May 13, 2012 By Ben Witherington
(Kudos to Jason Jackson for this).
10. A man’s place is in the army.
9. For men who have children, their duties might distract them from
the responsibilities of being a parent.
8. Their physical build indicates that men are more suited to tasks
such as chopping down trees and wrestling mountain lions. It would be
“unnatural” for them to do other forms of work.
7. Man was created before woman. It is therefore obvious that man was
a prototype. Thus, they represent an experiment, rather than the
crowning achievement of creation.
6. Men are too emotional to be priests or pastors. This is easily
demonstrated by their conduct at football games and watching
5. Some men are handsome; they will distract women worshipers.
4. To be ordained pastor is to nurture the congregation. But this is
not a traditional male role. Rather, throughout history, women have
been considered to be not only more skilled than men at nurturing, but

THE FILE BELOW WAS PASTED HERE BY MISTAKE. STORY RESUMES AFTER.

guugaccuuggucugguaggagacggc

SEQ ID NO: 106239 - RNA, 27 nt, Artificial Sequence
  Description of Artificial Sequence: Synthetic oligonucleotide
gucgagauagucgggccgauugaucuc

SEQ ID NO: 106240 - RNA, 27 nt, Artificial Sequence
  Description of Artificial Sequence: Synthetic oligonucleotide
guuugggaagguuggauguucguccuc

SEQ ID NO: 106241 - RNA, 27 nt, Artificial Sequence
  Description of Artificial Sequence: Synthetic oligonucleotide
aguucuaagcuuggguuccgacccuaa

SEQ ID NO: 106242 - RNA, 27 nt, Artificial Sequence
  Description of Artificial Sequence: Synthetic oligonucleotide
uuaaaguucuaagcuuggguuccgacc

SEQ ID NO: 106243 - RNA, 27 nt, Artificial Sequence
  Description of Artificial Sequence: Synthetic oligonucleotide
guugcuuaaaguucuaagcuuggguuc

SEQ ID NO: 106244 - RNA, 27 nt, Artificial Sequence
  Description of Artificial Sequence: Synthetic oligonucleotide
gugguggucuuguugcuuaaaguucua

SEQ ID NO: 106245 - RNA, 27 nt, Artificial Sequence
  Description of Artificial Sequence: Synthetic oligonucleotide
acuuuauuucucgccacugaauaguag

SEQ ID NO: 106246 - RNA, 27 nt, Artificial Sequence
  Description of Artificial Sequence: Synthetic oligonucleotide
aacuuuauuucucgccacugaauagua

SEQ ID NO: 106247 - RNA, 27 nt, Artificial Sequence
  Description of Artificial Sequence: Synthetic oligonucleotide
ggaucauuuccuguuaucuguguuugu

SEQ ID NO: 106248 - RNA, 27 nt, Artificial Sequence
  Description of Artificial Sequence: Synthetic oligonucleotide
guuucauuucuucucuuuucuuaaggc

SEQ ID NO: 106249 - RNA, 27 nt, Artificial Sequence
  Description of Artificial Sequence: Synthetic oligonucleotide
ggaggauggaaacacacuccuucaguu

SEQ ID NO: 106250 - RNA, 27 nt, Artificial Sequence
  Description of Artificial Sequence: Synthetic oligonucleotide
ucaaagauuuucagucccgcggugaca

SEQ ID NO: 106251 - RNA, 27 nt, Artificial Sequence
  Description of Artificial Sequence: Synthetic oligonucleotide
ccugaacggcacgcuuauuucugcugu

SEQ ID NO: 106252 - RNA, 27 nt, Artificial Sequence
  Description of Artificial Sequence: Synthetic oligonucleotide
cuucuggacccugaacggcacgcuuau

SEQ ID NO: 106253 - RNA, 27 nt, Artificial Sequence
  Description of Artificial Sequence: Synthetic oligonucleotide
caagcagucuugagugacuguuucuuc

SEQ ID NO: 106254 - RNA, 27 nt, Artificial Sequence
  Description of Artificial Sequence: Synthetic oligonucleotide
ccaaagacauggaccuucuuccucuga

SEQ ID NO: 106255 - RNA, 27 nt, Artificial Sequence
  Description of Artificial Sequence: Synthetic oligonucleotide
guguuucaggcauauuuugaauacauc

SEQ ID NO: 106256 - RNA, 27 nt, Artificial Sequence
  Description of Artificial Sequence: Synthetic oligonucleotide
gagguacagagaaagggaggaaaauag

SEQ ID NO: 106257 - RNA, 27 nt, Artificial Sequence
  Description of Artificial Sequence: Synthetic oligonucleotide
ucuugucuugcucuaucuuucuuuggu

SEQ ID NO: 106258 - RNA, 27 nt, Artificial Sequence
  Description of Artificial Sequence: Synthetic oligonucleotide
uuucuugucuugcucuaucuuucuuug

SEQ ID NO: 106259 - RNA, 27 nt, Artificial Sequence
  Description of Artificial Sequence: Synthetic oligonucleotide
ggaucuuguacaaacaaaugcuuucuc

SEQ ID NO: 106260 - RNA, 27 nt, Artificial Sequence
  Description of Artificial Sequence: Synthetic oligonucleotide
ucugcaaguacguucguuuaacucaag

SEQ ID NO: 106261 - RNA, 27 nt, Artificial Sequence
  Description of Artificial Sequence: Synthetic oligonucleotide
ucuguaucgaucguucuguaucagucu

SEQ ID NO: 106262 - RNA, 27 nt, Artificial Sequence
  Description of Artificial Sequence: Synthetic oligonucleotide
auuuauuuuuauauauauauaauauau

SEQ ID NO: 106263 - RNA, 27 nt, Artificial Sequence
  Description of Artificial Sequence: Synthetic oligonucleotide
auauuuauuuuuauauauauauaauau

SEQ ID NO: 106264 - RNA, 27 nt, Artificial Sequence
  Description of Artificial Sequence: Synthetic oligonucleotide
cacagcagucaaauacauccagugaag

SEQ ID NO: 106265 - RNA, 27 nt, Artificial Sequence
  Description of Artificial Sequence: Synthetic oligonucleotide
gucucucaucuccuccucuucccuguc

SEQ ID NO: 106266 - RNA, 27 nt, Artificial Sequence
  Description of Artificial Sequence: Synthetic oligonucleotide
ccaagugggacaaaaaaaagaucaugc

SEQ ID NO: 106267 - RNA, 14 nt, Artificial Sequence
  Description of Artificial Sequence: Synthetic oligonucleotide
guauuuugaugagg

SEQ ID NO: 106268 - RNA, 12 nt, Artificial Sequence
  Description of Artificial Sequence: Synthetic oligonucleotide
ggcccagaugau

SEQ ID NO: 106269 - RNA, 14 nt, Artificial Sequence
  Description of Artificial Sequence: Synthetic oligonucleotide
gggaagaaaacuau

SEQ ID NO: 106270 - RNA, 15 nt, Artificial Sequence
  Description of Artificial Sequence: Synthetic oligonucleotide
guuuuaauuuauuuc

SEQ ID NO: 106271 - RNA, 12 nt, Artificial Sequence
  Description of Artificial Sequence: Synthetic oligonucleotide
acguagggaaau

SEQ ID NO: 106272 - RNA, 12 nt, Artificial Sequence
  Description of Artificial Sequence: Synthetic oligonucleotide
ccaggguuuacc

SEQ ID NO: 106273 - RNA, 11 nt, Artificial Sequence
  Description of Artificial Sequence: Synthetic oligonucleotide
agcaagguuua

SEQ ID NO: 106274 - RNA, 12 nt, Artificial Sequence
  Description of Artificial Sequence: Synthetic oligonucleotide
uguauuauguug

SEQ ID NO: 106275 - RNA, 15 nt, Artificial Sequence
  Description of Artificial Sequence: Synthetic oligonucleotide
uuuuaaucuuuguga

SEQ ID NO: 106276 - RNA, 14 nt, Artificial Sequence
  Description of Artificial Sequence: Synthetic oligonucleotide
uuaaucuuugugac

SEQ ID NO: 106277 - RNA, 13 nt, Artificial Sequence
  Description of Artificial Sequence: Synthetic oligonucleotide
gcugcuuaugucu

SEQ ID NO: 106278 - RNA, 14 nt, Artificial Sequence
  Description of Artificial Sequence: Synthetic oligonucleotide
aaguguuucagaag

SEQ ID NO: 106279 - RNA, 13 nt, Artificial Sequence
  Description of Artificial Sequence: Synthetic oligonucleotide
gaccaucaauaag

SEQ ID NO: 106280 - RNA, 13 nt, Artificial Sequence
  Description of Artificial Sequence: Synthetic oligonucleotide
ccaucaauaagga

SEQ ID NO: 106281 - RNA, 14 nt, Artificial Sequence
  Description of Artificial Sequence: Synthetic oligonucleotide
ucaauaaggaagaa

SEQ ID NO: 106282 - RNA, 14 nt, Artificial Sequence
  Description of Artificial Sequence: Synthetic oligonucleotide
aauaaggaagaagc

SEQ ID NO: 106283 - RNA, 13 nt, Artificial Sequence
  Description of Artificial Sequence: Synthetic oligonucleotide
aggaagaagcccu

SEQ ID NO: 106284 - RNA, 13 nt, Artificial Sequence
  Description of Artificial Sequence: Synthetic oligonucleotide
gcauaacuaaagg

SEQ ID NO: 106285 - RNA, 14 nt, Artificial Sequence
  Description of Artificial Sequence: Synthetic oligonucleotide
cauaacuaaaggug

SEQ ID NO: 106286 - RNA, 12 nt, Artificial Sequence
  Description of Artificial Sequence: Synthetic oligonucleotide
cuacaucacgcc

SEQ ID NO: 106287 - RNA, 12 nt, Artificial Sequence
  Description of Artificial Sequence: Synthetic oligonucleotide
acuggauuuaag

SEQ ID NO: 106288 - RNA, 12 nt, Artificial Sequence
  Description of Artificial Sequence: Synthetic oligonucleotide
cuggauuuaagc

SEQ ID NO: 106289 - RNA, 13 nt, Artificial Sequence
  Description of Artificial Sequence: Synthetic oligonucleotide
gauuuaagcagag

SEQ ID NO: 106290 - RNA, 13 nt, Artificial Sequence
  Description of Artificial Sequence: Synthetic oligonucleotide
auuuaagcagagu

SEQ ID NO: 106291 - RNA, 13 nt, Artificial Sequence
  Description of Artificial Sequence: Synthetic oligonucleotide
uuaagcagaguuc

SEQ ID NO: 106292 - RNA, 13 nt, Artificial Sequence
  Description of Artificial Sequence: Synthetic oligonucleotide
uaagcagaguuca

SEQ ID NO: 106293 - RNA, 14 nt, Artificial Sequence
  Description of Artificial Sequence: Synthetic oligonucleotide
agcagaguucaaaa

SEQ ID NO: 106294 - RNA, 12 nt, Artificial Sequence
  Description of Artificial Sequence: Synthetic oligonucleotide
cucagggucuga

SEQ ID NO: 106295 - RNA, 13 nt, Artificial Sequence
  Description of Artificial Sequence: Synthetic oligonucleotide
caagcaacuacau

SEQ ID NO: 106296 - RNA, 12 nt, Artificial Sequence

also more frequently attracted to it. This makes them the obvious
choice for ordination.
3. Men are overly prone to violence. No really manly man wants to
settle disputes by any means other than by fighting about it. Thus,
they would be poor role models, as well as being dangerously unstable
in positions of leadership.
2. Men can still be involved in church activities, even without being
ordained. They can sweep paths, repair the church roof, change the oil
in the church vans, and maybe even lead the singing on Father’s Day.
By confining themselves to such traditional male roles, they can still
be vitally important in the life of the Church.
1. In the New Testament account, the person who betrayed Jesus was a
man. Thus, his lack of faith and ensuing punishment stands as a symbol
of the subordinated position that all men should take.
I have one of my English priest brothers-in-law to thank for forwarding this very witty comment made (in England) – as a response to the failure of the Women Bishops Measure in the Church of England. I think the Church has to take very seriously the fact that there are many reasons why neither women nor men ought to consider themselves fit for the precious ministry given by Christ to His Church. and these are just as valid as those put forward against the ministry of women!
Father Ron Smith, Christchurch, New Zealand